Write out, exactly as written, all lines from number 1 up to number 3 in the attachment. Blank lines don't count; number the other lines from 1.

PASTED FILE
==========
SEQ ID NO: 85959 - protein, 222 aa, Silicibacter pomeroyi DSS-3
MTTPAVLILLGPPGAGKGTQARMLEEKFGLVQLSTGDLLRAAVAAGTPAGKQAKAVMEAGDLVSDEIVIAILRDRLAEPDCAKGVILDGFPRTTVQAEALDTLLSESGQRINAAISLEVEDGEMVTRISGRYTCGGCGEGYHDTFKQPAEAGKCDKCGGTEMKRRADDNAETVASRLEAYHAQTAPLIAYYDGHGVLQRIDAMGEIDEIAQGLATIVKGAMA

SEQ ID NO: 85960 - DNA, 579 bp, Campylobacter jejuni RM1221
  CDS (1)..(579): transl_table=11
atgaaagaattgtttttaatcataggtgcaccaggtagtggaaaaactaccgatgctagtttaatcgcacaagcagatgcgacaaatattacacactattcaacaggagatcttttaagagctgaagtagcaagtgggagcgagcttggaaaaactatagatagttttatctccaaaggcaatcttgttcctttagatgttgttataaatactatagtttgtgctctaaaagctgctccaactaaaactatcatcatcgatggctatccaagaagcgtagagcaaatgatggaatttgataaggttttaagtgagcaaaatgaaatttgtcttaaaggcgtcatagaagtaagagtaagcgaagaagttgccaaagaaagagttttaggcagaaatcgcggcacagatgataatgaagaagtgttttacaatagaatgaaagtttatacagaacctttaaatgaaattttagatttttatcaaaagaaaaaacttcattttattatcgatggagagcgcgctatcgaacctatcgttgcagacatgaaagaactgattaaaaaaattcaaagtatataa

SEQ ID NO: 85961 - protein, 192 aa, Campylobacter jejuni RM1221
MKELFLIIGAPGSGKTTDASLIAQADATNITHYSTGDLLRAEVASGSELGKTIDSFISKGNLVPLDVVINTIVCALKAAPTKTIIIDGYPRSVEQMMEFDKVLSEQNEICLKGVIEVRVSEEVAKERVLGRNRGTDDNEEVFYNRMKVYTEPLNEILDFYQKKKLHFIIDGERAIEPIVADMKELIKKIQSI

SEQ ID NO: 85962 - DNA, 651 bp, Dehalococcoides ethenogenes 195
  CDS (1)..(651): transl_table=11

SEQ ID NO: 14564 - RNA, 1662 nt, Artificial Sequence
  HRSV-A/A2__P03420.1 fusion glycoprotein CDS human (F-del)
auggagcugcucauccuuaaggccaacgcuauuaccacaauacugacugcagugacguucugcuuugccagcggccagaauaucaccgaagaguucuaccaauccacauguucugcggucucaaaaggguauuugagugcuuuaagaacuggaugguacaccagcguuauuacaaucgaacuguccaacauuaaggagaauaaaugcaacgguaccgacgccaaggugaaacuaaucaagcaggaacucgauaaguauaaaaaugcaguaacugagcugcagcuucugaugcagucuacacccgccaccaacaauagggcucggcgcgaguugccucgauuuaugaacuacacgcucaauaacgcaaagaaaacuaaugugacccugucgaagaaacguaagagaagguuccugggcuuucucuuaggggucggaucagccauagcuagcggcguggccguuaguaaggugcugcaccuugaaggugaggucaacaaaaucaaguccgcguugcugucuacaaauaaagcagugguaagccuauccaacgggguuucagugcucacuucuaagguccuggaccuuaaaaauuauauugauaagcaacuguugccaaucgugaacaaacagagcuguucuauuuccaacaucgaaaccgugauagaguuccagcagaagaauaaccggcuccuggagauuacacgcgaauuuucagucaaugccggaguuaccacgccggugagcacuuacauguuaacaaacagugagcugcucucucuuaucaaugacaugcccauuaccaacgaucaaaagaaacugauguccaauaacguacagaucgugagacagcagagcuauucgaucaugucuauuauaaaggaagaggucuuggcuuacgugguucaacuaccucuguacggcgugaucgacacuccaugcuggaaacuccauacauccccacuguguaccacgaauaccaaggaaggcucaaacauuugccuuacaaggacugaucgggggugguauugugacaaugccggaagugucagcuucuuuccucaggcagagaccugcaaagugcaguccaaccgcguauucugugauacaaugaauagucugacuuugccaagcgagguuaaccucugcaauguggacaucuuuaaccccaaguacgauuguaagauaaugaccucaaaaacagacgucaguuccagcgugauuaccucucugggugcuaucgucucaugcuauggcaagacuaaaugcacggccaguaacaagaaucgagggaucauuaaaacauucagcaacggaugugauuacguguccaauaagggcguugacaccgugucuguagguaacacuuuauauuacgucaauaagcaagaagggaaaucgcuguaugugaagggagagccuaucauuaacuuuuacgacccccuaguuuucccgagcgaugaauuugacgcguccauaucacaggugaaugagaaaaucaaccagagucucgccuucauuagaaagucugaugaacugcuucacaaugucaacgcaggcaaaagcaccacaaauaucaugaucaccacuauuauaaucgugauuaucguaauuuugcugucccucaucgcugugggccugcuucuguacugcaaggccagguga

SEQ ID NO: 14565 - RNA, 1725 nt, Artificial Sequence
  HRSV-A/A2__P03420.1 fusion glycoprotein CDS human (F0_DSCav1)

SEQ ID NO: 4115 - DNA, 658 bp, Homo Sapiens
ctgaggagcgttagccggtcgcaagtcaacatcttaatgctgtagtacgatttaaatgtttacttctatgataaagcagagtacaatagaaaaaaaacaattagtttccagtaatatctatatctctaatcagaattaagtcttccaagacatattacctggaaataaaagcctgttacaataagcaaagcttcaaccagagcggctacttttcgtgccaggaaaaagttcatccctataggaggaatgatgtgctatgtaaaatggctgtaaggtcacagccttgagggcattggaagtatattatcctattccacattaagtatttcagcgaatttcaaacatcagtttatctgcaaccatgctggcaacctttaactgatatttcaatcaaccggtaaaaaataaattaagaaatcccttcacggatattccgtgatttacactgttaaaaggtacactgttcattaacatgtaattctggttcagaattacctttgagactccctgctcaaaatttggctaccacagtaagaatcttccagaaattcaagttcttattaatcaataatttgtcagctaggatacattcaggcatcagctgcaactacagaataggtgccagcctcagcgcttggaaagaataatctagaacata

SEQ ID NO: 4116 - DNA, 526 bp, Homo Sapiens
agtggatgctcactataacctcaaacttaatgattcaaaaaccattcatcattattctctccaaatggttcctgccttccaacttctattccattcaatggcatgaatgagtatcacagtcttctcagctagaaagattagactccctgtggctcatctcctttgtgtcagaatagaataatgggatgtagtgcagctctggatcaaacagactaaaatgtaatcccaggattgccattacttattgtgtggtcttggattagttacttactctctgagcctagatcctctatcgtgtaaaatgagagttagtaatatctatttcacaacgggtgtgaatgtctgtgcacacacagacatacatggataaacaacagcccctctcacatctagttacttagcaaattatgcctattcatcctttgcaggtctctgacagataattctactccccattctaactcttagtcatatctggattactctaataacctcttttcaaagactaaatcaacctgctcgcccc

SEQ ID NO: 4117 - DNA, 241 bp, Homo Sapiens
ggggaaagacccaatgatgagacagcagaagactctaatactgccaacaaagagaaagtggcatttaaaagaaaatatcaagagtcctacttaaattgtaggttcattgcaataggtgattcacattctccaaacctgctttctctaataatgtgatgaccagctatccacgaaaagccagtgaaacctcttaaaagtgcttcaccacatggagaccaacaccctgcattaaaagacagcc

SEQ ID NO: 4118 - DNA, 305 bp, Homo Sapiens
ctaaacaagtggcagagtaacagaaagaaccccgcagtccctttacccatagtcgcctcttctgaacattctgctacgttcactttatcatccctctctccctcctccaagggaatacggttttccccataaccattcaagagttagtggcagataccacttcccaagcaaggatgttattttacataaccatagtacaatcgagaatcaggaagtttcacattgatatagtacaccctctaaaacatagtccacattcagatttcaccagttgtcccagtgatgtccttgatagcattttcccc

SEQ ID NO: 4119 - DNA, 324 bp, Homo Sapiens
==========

SEQ ID NO: 85959 - protein, 222 aa, Silicibacter pomeroyi DSS-3
MTTPAVLILLGPPGAGKGTQARMLEEKFGLVQLSTGDLLRAAVAAGTPAGKQAKAVMEAGDLVSDEIVIAILRDRLAEPDCAKGVILDGFPRTTVQAEALDTLLSESGQRINAAISLEVEDGEMVTRISGRYTCGGCGEGYHDTFKQPAEAGKCDKCGGTEMKRRADDNAETVASRLEAYHAQTAPLIAYYDGHGVLQRIDAMGEIDEIAQGLATIVKGAMA

SEQ ID NO: 85960 - DNA, 579 bp, Campylobacter jejuni RM1221